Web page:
Automated Clearing House (ACH) payment volume is on the rise. NACHA, the electronic payments organization, estimates that ACH payments surpassed 21,000,000,000 in 2012. Financial institutions, businesses, and consumers are all contributing to a significant increase in direct electronic payments and causing a dramatic shift in the requirements for ACH processing. As result, financial institutions are re-evaluating their current payment platforms. Many have infrastructures in place that were not designed to handle high volumes of processing while still meeting the ever-changing needs of their customers and managing risk and compliance.
Customers are demanding improved information access to their payments, whether they are online, mobile, or using a traditional outlet. In addition, requirements for more open and visible transactions have created demand for new capabilities, such as near real-time payment status visibility, automated exception handling, and same-day processing. Along with higher customer expectations, financial firms are being tasked with reducing costs and offering new services to create additional revenue. At the same time, they must reduce financial risk. A single view of all types of customer payments can help them address these issues.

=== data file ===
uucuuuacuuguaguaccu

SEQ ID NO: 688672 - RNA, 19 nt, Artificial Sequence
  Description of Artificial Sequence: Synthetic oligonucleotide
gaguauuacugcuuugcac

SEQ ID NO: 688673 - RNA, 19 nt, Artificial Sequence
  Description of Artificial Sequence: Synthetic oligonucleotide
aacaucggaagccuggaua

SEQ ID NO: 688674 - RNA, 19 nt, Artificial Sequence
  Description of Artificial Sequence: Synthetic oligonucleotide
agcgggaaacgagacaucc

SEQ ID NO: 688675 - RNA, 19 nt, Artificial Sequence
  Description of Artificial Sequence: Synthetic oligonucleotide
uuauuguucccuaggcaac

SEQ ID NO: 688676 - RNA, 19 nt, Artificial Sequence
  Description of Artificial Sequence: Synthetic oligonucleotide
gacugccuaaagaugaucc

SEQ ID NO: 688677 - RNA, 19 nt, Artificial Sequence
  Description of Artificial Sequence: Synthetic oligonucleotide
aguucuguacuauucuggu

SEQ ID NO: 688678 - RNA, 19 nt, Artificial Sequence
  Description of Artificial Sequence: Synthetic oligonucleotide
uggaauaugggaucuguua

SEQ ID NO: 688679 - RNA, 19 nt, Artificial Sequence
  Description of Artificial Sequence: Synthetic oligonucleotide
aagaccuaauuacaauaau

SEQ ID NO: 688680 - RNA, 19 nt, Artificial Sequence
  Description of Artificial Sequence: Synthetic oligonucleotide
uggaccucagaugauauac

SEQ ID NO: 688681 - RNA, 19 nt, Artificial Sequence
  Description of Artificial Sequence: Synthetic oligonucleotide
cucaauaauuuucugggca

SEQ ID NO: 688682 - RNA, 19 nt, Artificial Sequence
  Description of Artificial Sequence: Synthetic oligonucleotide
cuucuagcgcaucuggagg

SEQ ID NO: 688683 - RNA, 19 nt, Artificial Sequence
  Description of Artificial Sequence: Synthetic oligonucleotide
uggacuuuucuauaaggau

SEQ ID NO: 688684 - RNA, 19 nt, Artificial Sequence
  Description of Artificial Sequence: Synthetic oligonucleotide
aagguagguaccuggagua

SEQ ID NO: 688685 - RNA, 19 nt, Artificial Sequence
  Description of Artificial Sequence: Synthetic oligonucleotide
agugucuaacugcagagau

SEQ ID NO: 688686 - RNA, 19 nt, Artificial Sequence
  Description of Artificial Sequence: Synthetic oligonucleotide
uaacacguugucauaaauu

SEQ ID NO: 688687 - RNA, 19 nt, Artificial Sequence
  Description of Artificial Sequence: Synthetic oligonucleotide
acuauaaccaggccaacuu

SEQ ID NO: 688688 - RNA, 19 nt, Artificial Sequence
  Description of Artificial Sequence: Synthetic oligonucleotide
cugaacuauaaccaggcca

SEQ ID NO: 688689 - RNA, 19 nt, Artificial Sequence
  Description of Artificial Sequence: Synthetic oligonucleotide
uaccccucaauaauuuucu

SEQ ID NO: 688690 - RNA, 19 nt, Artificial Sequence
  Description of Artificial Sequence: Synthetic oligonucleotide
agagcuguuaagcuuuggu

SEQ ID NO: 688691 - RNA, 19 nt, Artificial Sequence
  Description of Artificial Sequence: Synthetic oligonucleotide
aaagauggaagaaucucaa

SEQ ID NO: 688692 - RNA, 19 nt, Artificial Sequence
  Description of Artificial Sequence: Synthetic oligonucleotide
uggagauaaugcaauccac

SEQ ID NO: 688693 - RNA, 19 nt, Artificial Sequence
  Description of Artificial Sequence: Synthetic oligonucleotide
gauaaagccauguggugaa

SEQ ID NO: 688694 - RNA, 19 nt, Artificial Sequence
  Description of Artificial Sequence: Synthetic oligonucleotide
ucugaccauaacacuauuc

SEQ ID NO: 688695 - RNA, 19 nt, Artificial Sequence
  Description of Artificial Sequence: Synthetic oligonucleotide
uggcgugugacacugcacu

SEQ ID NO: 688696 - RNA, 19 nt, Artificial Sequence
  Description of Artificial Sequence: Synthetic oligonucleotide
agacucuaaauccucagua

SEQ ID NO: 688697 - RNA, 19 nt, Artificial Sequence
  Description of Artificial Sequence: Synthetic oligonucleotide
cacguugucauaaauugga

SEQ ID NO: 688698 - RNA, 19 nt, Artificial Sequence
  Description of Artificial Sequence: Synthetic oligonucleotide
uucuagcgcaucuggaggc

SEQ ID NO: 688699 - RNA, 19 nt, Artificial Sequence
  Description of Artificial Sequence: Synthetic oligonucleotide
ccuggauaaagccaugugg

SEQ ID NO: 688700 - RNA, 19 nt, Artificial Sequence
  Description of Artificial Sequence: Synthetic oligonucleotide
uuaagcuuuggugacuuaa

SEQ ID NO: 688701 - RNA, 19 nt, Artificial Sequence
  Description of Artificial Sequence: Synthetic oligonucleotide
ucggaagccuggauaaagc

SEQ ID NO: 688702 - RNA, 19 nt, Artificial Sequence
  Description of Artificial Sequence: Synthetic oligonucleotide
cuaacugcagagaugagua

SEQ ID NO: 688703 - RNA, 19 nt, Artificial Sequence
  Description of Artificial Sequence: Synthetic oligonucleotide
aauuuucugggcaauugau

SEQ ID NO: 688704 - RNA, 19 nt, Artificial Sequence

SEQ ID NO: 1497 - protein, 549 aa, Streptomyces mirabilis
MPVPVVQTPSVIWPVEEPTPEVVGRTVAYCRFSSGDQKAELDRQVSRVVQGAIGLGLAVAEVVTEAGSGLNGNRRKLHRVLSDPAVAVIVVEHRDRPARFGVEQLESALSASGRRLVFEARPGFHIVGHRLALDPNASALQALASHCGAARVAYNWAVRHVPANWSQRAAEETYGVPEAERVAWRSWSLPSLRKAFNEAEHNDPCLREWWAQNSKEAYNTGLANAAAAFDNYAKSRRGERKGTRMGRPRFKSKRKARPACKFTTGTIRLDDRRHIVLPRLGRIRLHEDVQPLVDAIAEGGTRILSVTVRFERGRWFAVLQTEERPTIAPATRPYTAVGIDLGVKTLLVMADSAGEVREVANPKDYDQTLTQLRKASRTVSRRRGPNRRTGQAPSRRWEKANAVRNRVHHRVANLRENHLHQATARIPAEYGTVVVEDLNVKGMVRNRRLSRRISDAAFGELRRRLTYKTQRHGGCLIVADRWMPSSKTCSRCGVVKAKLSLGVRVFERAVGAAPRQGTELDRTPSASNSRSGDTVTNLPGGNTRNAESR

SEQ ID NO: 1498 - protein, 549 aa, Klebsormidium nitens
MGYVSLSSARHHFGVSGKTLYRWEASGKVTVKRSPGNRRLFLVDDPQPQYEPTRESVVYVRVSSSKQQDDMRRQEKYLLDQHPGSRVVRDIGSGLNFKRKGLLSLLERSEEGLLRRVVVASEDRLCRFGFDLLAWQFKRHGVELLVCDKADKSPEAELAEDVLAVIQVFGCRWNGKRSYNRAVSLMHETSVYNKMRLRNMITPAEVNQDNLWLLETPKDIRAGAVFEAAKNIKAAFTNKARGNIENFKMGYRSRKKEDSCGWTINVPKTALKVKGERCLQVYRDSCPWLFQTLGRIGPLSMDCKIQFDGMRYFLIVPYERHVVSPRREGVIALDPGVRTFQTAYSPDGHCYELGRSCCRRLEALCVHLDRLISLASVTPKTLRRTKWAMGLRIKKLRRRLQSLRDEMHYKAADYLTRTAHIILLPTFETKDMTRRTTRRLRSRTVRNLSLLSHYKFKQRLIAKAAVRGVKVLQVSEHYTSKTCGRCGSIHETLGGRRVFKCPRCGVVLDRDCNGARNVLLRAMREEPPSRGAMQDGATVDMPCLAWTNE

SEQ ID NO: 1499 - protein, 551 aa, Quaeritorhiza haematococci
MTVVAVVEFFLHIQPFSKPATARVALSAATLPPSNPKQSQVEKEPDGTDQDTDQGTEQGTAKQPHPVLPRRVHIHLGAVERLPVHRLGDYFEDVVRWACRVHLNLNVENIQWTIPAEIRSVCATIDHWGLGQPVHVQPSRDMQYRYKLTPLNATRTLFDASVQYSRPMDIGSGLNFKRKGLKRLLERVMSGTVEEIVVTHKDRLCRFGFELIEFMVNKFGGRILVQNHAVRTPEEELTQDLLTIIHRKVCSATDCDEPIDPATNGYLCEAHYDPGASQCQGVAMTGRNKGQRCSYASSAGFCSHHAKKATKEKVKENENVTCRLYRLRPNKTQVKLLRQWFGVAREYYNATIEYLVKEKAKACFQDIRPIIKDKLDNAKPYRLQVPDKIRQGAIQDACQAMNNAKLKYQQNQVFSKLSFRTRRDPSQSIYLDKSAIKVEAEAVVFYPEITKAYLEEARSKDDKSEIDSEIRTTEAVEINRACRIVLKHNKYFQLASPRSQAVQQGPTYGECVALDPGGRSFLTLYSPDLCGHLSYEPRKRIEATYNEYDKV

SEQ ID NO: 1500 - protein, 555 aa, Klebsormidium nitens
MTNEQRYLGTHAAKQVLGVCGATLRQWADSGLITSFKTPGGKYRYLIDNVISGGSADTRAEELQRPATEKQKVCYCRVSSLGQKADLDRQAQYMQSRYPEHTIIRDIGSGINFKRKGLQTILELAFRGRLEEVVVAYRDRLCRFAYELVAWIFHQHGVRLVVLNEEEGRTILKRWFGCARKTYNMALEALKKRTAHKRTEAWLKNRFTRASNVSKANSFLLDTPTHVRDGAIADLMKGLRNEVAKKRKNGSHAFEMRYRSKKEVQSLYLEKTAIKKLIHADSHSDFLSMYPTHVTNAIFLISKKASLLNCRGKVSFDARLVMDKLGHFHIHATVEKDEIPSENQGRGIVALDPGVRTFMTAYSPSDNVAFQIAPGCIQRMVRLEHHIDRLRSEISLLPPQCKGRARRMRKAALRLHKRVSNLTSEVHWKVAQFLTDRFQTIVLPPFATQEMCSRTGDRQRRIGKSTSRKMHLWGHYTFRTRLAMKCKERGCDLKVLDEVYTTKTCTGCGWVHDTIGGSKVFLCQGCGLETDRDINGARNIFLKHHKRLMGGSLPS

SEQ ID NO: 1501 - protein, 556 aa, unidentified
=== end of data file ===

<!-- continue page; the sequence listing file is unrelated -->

Gaining value from existing assets that are part of a complex web of unconnected transactional systems can be a significant challenge. Aging core transactional systems that are built on COBOL and assembly language technologies are costly to maintain, difficult to upgrade, and unaware of more than a single transaction type. Skills attrition can also be an issue for older platforms that are not in common use today. This IBM® Redbooks® Solution Guide describes how IBM Financial Transaction Manager for ACH Services can help address these challenges.
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